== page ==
Brookville Elementary School/Jefferson County Schools

Exploring the Taos Pueblo's multi-storied adobe buildings

The Southwest Experience through Art, Culture, and Collaboration --Project Summary:
This summer I had a unique opportunity to fuel my passion for art through unique self-designed professional development. Just as my students are more engaged in learning when there are hands on activities, unique artifacts and people for them to interact with; I too learn more richly and deeply when I am immersed in a cultural experience. For two weeks, art educators from around the country convened in New Mexico and conspired with each other to find new ways to inspire our students once we returned home.

I met amazing artists from Native American Pueblos. One artist is a jeweler and invited us into his home where we were able to see his art making techniques as well as taste the culturally rich and flavorful food his wife had prepared for us; including homemade bread made in the traditional horno oven. Another clay artist prepared micaceous clay for us and we were able to create our own sculpture inspired by Pueblo pottery which concluded with a clay pit fire in the ground at her house. I attended the annual International Folk Art Festival that brought together over 150 artists from 60 plus countries. I even got to have conversations with a Oaxacan wood carver and a Huichol yarn painter from Mexico as well as a Ralli Quilter from Pakistan. I got to experiment with art myself by making a memory quilt, made sculptures out of recycled computer parts, and my very own retablo. I also hiked through historic parks capturing the natural vistas on camera to share with my students. I collected artifacts, shared ideas with fellow art teachers, and blogged about it all!

 Blog-- Lindsay Lou's Happenings

Managing the Art Classroom --Art Parodies


In fall of 2013 Lindsay was awarded Alabama Art Teacher of the Year by AAEA (Alabama Art Education Association).  Last school year she became a Nationally Board Certified teacher in Early through Middle Childhood Art.


In the summer of 2014,  Linsay was chosen (along with 15 other educators across the country) as a recipient of the Fulbright-Hays seminars abroad to China.  They visited the Chinese Ministry of Education and attended many lectures across the country and had engaging conversations about the bilateral partnership between the U.S. and China about similarities, differences, strengths and weaknesses in the education systems of both countries.  Upon their return they created a curriculum project to be taught to the students and to share with teachers across the globe.  You can see all of the curriculum projects on the National Committee on U.S.-China Relations website here:

Lindsay's project description for the Fulbright-Hays program.

Acrobats, Abacus, and Alphabets: Making Connections to China through Arts Integration in the Elementary Setting (Elementary School) by Lindsay Mouyal, 2014

The purpose of this project is to integrate the teaching of visual art with other classroom contents (Science, Math, Reading, Writing, History, and Character Education) in the study of China.  This curriculum project consists of three arts integration lesson plans spanning six grades. 

The first lesson plan, Global Citizenship: Air-Color-Dance-Think, incorporates environmental concerns with the creation of an art installation and developing a performance art activity.  This will manifest through the research of current air quality levels in China and at home, a collaborative art installation project incorporating the symbolic colors represented in the air quality index chart, a movement activity connecting air quality levels to emotions and quality of life and a follow up activity inspiring students to problem solve ways to address this growing global concern.  The teacher will emphasize China’s rich history of performance (acrobats, opera, Chinese New Year parades, etc.) as inspiration for the movement activity.  This lesson is suggested for grades Kindergarten and 1st grade (Science & Social Studies collaboration)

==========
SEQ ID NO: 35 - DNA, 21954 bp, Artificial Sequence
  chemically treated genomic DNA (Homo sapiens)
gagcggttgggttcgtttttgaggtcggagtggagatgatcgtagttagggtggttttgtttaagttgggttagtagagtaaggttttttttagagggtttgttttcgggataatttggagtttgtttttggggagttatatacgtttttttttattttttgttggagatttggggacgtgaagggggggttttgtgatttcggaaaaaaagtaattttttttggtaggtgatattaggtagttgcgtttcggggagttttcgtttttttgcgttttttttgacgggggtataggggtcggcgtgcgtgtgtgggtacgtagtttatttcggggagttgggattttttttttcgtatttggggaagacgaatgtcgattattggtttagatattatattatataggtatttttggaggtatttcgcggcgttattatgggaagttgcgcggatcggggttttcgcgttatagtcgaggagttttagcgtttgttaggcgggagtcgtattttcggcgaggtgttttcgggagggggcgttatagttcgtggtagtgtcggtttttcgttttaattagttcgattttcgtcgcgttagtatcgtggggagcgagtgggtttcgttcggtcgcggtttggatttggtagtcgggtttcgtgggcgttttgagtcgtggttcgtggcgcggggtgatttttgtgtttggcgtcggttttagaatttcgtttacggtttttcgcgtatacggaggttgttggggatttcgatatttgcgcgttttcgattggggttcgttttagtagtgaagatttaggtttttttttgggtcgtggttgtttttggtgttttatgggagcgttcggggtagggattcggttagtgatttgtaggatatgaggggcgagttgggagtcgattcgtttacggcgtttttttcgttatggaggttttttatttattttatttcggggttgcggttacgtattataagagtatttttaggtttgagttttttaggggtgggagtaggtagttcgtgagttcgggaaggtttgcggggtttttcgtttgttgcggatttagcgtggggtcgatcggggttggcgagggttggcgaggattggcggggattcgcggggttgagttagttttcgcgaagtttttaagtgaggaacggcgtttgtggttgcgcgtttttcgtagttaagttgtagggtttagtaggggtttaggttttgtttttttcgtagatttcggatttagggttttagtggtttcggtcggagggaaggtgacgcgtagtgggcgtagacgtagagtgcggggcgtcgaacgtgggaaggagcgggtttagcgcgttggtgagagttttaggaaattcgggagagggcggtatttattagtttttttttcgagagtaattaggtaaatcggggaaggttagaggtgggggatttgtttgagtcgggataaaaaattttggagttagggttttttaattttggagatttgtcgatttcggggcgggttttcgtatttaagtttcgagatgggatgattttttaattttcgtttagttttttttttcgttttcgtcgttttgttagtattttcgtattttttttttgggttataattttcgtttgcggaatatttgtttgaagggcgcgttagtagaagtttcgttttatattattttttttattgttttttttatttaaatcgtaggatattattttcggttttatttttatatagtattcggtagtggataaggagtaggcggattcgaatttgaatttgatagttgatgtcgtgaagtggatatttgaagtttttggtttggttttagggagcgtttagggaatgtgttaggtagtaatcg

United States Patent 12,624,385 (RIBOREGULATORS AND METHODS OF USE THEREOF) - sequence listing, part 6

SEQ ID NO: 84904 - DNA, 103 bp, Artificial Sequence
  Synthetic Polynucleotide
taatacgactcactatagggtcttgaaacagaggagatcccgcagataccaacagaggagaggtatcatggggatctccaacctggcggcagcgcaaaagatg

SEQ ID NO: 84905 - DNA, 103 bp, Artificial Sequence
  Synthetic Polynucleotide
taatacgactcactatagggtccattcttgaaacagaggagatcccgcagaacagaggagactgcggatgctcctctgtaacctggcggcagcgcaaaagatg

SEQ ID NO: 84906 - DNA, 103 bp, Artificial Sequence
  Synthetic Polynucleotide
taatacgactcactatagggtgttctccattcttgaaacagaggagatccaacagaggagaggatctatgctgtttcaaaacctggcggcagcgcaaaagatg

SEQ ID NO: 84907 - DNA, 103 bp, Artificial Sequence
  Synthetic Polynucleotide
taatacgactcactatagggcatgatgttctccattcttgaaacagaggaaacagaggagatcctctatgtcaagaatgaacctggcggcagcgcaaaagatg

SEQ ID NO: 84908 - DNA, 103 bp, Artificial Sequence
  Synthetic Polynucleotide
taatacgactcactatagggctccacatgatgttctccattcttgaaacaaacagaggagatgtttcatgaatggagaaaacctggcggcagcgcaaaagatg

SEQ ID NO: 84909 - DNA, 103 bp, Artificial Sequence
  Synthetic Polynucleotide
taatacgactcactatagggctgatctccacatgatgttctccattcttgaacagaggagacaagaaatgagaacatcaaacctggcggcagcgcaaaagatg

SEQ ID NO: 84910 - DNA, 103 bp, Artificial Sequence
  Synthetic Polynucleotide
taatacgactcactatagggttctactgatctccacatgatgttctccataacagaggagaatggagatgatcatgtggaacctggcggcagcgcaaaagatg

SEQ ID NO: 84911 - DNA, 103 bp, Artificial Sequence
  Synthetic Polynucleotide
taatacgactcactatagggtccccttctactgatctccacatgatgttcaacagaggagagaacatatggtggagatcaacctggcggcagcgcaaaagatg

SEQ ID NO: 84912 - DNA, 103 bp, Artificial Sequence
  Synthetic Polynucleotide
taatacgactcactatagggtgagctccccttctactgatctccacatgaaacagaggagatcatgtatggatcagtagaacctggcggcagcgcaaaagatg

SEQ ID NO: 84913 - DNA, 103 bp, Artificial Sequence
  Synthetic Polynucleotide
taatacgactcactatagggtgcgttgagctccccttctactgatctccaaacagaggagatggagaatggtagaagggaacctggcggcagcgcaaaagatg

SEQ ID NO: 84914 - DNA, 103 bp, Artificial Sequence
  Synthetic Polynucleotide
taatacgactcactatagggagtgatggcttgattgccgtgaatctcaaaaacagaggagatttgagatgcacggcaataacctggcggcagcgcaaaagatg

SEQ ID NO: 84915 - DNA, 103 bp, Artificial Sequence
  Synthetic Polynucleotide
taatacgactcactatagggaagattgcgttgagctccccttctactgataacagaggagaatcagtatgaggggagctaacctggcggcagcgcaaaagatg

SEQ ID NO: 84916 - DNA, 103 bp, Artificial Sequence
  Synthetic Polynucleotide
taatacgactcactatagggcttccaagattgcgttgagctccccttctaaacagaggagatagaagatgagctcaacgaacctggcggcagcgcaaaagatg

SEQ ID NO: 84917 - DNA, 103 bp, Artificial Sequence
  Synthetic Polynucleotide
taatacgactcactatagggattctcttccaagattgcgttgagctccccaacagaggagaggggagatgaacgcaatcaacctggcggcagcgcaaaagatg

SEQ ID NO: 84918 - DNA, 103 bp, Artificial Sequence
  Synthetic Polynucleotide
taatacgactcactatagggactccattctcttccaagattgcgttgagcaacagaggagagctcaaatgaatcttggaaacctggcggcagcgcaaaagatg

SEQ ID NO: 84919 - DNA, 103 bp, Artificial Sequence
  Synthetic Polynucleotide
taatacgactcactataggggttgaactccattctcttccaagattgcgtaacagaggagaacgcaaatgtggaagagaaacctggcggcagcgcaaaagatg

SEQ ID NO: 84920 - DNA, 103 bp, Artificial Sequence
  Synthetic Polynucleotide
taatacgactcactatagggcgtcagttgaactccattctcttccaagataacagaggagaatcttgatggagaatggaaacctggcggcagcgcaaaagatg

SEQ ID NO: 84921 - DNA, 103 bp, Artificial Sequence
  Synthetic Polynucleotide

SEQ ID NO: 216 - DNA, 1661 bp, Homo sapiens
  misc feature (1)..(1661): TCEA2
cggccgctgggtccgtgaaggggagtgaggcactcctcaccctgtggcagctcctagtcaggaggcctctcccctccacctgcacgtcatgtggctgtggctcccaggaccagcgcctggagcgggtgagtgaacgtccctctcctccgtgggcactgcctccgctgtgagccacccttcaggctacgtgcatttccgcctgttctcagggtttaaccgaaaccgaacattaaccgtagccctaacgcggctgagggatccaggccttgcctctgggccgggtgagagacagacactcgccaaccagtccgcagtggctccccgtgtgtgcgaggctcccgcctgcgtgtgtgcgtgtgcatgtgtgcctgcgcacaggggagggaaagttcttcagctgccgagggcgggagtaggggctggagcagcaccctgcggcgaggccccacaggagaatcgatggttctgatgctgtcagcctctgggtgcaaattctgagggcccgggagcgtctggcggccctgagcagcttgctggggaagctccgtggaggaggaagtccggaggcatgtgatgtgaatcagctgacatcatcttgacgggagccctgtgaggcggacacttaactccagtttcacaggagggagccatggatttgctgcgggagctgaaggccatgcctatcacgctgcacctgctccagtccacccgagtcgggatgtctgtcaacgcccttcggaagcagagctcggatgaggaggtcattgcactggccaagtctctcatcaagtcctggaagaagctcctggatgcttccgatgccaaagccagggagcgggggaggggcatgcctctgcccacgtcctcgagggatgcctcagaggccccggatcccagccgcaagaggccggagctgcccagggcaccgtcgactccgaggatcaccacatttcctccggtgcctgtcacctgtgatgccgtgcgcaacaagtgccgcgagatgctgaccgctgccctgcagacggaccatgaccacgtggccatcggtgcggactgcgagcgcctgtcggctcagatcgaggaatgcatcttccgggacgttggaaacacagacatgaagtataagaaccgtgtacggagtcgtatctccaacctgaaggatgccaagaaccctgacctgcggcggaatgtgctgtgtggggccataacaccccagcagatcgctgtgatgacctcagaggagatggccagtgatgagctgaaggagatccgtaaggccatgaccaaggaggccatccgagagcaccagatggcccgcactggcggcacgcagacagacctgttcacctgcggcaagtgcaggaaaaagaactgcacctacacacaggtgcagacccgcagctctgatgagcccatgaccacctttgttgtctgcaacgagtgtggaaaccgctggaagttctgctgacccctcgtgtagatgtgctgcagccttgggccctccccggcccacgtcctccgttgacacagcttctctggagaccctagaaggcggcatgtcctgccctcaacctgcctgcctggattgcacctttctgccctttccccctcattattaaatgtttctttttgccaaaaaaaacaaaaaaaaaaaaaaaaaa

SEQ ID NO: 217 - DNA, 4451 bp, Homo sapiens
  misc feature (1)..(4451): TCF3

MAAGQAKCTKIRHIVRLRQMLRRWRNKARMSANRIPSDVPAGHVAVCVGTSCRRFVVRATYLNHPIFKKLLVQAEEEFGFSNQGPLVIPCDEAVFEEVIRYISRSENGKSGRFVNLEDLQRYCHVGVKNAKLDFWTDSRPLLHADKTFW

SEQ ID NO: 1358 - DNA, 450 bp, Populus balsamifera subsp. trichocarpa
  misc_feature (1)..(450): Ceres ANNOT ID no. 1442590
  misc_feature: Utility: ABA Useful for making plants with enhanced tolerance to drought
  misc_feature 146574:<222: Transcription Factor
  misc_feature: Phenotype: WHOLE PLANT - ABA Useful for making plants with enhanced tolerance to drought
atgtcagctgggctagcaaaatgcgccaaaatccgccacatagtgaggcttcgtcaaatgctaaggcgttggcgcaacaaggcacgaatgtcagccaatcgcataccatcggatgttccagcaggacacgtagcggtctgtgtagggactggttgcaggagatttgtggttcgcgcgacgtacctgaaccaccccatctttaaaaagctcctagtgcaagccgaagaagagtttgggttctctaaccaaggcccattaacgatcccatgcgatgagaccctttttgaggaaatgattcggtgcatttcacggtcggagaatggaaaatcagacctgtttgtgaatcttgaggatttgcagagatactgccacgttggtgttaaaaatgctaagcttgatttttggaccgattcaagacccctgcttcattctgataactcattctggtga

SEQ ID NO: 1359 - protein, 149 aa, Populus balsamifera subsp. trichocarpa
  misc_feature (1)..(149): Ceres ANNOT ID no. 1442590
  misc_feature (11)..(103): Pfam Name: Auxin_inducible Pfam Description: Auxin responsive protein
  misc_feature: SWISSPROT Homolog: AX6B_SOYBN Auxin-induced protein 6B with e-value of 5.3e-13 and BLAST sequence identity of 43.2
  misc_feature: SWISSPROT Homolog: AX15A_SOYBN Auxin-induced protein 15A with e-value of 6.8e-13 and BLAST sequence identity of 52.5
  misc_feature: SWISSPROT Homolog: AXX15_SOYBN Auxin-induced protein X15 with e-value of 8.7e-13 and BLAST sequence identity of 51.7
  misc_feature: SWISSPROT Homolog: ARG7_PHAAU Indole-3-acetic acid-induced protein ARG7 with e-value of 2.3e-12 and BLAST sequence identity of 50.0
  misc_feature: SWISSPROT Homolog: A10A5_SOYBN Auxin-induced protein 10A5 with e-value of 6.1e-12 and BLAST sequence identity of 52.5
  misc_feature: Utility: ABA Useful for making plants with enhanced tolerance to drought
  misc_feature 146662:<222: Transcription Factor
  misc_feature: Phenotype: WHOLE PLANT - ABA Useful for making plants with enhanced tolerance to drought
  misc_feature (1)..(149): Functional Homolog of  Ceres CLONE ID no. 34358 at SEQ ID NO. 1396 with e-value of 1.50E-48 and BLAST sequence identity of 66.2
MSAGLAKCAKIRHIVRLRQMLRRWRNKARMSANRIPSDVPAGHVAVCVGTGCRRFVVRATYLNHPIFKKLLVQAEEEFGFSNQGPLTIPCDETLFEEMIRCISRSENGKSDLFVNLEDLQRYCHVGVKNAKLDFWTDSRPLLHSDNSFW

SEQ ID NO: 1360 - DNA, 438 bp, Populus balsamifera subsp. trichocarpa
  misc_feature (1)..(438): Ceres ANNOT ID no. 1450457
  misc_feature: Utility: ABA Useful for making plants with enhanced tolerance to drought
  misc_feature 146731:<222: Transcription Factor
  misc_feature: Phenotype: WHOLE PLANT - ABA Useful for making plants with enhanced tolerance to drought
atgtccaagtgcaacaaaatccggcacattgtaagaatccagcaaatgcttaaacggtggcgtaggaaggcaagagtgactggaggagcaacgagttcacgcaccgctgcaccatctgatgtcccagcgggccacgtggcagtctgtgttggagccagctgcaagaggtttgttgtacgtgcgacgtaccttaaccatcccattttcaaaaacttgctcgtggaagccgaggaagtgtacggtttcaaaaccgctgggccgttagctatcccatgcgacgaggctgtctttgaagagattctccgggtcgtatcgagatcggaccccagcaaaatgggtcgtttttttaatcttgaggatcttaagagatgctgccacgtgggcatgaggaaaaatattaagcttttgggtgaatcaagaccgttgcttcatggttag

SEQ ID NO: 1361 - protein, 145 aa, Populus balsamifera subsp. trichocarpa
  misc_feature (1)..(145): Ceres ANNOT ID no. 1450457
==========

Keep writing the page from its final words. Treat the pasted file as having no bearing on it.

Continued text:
The second lesson plan, Abacus Art: A Story of Art, Math, and Trade along the Silk Road, allows students to draw relevant connections between visual art, mathematics, and the history of China.  During this lesson, students will investigate the history of the abacus and look for it in famous Chinese paintings (such as Along the River During the Qingming Festival).  Students will then create a small abacus to use in their own personal math practices.  This lesson is suggested for grades 2nd – 3rd (Math collaboration)

The third, and final, lesson, Visual Correspondence: Calligraphy as Art and Writing, focuses on the ancient Chinese art form of calligraphy.  During this lesson, students will study and interpret visual representations of various languages; or mainly Chinese and English. Students will examine the evolution of the Chinese character from the pictograph to the present styles; as well as the influence of calligraphy and linguistics in the works of contemporary artists (such as Xu Bing).  Students will incorporate knowledge learned into an art and pen-pal writing activity.  This lesson is suggested for grades 4th – 5th (Grammar & Writing collaboration).

Link to lesson plans.


Through her role as membership chair for AAEA (Alabama Art Education Association) Lindsay started a campaign to highlight the wonderful work going on in visual arts classrooms across the state on the AAEA website.  It's called the Monthly Member Spotlight.  You can check it out here (and scroll down to the bottom of the page to see Lindsay's spotlight with information about what's been going on with her students and in the classroom).


Last modified: Wednesday, March 18, 2015, 3:19 PM